Tuesday, 8 February 2011

Investing in the Big Society

The Big Society idea has been under scrutiny & challenge ever since it began. Most recently Liverpool City Council have withdrawn their involvement in being one of the four pilot areas for the idea. (BBC news link here). Just a day ago, the outgoing head of the Community Service Volunteers (Dame Elisabeth Hoodless) voiced her concerns about how cuts are destroying the Big Society idea (BBC news link here).

As a consequence I have been following Lord Nat Wei's blog with interest - he is the Big Society 'Csar' who has been promoting the idea from its early beginning. This morning, I was prompted by his most recent post entitled: Local Authorities and Big Society in the Age of Austerity (link here) to respond.

Below is what I have posted on his site - although as of now it is yet to appear:

If the Big Society is about anything, it must be about inclusiveness and bringing people from outside the tent into the inside. In this respect, your partisan opening comment of ‘Labour’s huge deficit’ does you no favours. If anything calling it simply ‘the huge deficit’ would help to build some bridges which the Big Society idea badly needs right now.

I do like and appreciate the Big Society concept, by the way. But I am in this debate as a critical friend as well as advocate. Politics and economics aside, if the Big Society can do anything to mitigate the public service cuts which are being made, then I support it wholeheartedly.

Where I am very concerned is where the Big Society is being invoked, without trial, test or evaluation, as the way in which severe cuts will not really be felt. This is what is happening in Buckinghamshire at the moment where the County Council is slashing (disproportionately) the youth service budget. (See ‘Keep the spirit of Big Society alive’). As far as I can see, they are not investing in the kinds of capacity building you outline. The likelihood is that without enough structures in place, there will be less volunteering in the future, not more.

Certainly the best public services have been engaging their citizens/customers/users/clients for some while – long before the ‘Big Society’ existed as a concept. It is certainly something I have been talking about for many years. (At this event, I talked about the evidence based citizenship: http://tinyurl.com/sureypaagm2005 and there more on my blogs at: http://jonharveyassociates.blogspot.com/2009/05/empowered-citizenship.html and here in the context of income generation: http://smallcreativeideas.blogspot.com/2009/04/thinking-about-income-generation.html) So getting the users of a service to do more while saving resources being spent is old – as old as when we began filling our own fuel tanks at filling stations, at least.

Yes, there is a great need to get more users/citizens/customers involved in picking up the litter (to use your example – although better not to drop it in the first place!), and there are huge cultural impediments within local authorities towards doing this more (not least the risk averse culture fuelled by the ‘no win/no fee’ lawyers hanging around on street corners). But all of this will not happen by magic or by merely hoping that the invisible hand of the social market place will result in volunteers and philanthropists rushing into the vacuum left by the public service cutbacks.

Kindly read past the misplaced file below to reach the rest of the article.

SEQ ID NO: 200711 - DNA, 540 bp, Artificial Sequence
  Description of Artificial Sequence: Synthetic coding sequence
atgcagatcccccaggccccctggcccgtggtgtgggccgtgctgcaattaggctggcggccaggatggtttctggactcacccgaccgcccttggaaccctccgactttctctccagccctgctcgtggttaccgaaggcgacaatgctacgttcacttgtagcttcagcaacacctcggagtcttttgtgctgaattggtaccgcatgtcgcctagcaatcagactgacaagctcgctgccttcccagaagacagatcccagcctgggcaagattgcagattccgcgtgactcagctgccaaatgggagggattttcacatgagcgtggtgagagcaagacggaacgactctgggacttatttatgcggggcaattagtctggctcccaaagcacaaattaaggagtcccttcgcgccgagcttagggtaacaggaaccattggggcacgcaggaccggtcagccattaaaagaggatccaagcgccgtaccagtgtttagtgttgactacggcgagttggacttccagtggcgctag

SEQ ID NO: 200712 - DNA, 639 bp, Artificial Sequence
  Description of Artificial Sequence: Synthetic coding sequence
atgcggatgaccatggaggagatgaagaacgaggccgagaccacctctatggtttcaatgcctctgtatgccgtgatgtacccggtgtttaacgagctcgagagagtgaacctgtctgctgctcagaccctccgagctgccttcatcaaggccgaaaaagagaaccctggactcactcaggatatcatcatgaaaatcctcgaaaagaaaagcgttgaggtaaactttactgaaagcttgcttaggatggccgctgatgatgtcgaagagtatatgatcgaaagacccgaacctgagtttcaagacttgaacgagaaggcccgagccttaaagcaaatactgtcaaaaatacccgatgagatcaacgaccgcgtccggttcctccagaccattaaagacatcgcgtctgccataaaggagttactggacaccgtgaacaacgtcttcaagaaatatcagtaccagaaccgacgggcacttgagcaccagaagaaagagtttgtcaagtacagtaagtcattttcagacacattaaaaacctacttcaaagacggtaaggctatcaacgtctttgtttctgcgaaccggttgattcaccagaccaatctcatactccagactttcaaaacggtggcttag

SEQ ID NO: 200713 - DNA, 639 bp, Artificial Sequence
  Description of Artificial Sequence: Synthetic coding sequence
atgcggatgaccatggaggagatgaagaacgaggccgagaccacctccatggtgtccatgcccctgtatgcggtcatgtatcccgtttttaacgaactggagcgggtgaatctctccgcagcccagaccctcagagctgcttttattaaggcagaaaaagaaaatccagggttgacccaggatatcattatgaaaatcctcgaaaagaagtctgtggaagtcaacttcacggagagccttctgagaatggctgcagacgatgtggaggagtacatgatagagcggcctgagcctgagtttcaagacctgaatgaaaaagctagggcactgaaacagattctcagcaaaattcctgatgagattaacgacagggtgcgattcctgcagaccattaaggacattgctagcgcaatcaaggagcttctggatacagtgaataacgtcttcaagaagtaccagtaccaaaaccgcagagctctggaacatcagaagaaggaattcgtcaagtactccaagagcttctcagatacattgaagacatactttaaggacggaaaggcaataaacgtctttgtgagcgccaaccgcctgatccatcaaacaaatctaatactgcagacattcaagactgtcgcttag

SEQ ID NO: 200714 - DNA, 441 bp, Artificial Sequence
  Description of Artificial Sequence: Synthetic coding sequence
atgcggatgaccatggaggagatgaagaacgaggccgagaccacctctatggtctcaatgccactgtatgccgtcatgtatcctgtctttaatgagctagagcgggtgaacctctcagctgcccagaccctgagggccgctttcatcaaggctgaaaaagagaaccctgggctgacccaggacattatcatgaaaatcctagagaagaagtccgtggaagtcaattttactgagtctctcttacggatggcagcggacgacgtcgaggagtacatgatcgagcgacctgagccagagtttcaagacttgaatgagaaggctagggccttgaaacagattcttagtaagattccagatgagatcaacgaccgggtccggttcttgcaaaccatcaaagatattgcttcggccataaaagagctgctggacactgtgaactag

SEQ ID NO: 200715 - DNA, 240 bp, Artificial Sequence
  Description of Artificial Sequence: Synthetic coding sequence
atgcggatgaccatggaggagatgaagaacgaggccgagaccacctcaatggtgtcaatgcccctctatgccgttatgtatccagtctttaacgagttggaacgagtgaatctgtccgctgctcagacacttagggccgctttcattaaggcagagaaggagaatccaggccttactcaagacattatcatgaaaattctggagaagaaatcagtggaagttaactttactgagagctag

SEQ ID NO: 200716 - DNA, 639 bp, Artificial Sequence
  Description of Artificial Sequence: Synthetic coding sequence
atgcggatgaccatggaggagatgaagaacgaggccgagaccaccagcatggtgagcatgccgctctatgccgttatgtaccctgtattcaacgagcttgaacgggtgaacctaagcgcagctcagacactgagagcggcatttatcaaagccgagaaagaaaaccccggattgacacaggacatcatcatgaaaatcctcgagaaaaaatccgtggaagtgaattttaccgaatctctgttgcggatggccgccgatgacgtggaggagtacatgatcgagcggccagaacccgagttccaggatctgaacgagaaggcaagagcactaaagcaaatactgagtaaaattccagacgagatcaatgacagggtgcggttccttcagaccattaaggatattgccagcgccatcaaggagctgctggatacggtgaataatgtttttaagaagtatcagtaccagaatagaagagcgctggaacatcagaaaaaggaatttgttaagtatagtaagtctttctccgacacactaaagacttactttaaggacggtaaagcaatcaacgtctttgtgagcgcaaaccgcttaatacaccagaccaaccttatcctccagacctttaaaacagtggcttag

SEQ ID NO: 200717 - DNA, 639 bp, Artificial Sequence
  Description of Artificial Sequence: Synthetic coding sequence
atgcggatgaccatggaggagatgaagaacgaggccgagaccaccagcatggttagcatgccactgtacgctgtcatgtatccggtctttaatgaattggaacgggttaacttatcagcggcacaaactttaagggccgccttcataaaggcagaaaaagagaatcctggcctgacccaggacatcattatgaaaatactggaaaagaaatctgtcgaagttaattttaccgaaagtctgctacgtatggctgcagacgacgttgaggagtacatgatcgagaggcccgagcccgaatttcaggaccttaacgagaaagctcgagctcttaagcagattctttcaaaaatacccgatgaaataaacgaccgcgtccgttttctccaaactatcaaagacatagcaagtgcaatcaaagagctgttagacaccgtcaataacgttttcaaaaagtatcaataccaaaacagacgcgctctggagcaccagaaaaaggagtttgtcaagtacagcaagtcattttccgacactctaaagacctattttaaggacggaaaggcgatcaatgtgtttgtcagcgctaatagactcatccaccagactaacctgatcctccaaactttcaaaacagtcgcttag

Certainly core costs can be reduced further and perhaps part time working could be a way ahead. I don’t know if any councils or other public service agencies are considering this. However, when commercial firms did this to survive the recession, as you cite, they did this as their order books were down. There was less demand on their services or products. The comparison to public services does not work in quite the same way unless you are suggesting that the police say to their public that they are going on short working so please could crimes now not be committed between the hours of 2 and 6 o’clock in the morning....?

Partnerships are also not new. As you know most local authorities have been developing their compacts with their local third sector agencies and have been looking to extend partnership arrangements with them over many years. But to repeat... this requires investment and indeed time. The time is critical as without it trust cannot develop. As you well know, partnerships do not work without trust. Is there the time to develop further trusting partnerships now before the cutbacks begin to really bite?

In sum, yes there is a need to be pragmatic and tenacious about making the Big Society work and I am not in the group of people who are urgently looking for it to fail (from both the right and left of the spectrum). My overriding concern is that the investments in Big Society development are not being bold or strategic enough. There is insufficient recognition that the transition to a Bigger Society and a Smaller Government is one that cannot simply happen. Shrewd investment and good local leadership will be critical

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